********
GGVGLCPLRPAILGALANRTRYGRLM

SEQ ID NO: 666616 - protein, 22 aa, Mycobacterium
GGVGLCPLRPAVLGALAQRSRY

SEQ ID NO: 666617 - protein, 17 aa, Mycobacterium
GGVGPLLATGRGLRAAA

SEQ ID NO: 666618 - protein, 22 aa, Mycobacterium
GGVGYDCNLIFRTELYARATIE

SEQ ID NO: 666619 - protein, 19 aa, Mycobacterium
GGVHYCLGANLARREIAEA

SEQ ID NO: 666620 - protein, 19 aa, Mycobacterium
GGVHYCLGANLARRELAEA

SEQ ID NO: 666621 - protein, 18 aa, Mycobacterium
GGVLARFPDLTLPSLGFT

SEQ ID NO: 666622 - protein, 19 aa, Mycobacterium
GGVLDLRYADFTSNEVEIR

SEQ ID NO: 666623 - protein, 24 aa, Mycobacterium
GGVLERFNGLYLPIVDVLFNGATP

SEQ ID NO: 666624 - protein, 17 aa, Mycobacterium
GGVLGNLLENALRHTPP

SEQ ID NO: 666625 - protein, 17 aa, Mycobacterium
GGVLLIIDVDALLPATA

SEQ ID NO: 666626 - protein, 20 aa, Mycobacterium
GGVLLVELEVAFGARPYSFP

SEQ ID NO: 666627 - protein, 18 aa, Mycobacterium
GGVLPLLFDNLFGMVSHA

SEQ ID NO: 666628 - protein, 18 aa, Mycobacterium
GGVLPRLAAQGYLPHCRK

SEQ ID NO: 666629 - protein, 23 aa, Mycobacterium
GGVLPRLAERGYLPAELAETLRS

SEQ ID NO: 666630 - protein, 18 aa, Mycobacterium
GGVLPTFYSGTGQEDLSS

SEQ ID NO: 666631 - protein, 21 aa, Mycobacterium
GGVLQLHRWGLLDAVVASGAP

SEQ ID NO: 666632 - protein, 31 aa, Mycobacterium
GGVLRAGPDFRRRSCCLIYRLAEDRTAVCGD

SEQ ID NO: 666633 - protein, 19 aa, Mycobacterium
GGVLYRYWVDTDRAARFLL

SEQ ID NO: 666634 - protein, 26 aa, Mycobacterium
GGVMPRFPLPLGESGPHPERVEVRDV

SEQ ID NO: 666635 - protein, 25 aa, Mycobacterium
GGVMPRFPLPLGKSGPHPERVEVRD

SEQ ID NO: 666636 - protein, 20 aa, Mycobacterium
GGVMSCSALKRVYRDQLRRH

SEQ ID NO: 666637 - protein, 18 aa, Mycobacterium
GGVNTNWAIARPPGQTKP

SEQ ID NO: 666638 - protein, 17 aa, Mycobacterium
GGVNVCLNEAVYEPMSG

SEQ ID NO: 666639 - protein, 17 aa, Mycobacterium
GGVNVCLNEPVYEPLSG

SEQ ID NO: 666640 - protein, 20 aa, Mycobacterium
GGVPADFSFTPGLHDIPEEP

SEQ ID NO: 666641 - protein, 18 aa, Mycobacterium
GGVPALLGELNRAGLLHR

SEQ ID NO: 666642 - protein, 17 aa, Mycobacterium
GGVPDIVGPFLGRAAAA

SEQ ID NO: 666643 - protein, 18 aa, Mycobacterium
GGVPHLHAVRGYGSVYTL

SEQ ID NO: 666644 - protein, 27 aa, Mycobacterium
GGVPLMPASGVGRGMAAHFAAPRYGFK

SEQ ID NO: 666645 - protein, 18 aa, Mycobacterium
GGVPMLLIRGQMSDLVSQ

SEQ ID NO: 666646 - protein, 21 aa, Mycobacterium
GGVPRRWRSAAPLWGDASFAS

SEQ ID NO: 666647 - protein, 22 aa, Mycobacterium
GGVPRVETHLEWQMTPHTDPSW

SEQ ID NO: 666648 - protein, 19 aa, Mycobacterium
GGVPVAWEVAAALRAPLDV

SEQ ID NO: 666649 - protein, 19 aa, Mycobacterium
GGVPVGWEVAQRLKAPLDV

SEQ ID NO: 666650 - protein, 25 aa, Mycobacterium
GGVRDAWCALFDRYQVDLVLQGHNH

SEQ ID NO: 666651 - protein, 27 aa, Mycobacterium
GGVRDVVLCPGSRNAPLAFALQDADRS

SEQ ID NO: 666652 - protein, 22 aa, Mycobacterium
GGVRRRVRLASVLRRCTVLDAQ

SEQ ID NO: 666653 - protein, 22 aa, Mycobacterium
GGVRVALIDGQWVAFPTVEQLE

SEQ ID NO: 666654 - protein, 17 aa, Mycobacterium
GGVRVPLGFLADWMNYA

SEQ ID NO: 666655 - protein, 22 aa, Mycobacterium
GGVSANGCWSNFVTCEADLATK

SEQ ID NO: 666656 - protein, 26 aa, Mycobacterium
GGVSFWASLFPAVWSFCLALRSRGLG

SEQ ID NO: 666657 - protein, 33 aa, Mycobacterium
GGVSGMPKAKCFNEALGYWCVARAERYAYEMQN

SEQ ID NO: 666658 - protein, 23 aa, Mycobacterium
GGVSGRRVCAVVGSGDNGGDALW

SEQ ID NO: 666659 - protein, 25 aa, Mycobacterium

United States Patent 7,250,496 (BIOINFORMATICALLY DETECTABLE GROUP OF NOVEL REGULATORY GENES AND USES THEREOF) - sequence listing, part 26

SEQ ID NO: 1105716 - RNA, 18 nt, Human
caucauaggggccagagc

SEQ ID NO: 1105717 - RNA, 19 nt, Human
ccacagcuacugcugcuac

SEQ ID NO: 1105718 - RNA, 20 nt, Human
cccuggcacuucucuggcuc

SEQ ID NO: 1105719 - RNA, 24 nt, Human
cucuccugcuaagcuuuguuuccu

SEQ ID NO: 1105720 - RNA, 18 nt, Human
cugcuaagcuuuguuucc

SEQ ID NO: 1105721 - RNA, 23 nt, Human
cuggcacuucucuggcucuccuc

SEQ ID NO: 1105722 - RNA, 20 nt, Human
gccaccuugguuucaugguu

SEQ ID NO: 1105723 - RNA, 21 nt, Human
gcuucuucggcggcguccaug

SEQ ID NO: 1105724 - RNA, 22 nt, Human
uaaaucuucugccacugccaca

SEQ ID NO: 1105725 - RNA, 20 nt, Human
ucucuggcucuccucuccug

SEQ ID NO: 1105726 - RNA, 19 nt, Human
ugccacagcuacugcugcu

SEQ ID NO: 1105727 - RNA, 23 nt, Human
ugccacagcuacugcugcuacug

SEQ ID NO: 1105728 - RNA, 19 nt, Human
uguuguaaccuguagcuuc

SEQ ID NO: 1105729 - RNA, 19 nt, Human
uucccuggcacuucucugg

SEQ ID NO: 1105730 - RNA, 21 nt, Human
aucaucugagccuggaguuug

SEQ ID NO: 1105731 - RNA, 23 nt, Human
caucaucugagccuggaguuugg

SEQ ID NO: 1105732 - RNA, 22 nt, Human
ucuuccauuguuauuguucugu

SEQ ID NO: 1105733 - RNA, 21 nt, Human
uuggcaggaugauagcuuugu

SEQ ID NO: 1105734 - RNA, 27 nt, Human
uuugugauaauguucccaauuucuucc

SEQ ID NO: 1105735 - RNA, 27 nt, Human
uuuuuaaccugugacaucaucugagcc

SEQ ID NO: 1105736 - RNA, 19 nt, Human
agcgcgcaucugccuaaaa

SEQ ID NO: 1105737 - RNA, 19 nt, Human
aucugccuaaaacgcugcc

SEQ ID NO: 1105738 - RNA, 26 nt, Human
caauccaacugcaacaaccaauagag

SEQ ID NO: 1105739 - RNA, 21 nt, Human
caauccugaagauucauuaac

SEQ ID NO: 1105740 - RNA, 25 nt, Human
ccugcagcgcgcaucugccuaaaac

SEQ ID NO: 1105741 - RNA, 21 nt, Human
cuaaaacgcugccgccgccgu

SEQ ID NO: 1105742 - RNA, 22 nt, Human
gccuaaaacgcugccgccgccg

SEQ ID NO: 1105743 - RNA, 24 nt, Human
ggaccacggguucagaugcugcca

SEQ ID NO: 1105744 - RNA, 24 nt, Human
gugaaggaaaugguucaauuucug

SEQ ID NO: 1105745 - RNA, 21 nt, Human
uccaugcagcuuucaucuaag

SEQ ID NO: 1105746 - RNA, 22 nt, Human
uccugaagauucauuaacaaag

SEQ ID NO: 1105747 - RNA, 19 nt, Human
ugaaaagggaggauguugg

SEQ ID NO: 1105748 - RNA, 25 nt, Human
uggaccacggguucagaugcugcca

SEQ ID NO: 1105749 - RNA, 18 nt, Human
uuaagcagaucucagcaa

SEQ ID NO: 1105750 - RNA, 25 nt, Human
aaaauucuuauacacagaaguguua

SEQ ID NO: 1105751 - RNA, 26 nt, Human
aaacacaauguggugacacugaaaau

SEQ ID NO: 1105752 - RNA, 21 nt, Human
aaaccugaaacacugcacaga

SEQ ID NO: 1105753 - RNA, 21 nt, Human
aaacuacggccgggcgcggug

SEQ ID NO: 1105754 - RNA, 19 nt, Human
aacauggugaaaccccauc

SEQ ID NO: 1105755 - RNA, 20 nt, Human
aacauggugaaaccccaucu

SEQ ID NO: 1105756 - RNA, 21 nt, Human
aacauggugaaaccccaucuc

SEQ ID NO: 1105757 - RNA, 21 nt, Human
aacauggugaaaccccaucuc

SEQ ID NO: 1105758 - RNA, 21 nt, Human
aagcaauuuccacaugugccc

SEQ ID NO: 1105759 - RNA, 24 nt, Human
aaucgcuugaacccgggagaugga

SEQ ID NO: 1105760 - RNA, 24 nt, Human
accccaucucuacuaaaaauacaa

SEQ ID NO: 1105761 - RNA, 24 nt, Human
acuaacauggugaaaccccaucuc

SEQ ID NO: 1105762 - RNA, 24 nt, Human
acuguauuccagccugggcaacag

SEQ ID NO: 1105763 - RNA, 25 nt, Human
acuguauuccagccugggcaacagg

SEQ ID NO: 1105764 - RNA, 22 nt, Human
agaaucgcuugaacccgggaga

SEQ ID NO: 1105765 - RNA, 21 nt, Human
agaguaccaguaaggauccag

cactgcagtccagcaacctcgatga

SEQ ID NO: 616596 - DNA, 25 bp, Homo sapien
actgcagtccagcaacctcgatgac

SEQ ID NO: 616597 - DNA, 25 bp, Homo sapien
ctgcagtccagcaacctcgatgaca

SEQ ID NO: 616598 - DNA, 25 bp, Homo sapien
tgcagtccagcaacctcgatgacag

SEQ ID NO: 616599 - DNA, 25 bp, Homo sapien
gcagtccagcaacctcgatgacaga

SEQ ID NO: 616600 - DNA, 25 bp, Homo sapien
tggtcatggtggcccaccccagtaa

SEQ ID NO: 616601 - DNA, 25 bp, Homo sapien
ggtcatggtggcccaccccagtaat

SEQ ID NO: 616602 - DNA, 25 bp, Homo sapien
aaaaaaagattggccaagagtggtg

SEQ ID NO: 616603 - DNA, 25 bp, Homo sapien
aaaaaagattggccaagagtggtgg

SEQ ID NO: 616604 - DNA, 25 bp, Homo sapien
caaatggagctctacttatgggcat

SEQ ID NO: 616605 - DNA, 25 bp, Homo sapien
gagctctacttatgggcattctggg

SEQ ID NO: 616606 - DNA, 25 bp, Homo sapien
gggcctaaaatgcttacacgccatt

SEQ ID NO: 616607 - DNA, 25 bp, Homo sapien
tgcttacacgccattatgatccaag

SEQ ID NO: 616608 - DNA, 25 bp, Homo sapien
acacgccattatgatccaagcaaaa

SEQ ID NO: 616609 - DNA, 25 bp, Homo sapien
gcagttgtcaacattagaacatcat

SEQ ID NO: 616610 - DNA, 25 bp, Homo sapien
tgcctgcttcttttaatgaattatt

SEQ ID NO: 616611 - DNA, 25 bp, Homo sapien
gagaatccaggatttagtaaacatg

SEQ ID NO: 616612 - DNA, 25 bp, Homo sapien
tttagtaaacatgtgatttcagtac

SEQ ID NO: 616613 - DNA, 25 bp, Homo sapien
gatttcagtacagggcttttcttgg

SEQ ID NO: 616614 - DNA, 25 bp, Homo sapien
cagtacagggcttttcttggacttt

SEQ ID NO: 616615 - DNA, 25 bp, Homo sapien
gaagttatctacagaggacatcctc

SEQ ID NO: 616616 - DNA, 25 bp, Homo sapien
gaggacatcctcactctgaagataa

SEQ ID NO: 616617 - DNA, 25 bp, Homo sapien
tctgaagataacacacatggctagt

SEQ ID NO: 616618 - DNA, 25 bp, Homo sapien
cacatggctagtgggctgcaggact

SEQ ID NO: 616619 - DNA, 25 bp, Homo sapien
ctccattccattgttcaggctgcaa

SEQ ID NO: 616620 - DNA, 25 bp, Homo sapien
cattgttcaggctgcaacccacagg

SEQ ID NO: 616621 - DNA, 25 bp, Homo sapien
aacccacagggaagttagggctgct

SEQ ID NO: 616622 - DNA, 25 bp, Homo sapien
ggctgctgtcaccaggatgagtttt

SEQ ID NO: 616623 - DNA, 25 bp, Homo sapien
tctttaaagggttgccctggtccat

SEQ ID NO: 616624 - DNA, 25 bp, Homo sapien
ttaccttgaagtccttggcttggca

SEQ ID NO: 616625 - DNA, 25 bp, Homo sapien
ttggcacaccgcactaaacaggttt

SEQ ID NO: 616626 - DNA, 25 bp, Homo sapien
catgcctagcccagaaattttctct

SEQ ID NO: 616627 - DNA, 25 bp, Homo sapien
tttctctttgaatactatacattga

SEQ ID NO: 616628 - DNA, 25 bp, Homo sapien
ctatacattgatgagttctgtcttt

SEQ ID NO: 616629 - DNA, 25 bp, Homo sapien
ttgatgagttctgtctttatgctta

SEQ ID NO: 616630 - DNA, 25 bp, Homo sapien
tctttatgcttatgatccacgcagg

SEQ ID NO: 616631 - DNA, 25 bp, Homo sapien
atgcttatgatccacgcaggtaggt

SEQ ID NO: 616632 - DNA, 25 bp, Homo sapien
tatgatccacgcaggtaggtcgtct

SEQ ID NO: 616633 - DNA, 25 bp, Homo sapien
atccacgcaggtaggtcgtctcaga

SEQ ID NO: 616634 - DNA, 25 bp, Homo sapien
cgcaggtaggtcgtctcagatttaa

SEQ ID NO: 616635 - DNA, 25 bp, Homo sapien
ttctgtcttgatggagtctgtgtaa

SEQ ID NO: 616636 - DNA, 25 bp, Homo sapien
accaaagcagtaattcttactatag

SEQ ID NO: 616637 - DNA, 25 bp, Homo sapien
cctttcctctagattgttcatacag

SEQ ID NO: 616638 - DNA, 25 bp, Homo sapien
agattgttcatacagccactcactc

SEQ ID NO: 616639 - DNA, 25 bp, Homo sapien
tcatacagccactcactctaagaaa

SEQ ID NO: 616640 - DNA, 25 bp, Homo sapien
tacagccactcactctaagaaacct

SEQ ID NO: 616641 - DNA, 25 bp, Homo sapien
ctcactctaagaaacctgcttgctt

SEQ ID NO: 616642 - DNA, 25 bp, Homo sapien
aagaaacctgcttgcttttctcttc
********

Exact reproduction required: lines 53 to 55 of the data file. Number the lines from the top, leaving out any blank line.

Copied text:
GGVPALLGELNRAGLLHR

SEQ ID NO: 666642 - protein, 17 aa, Mycobacterium
GGVPDIVGPFLGRAAAA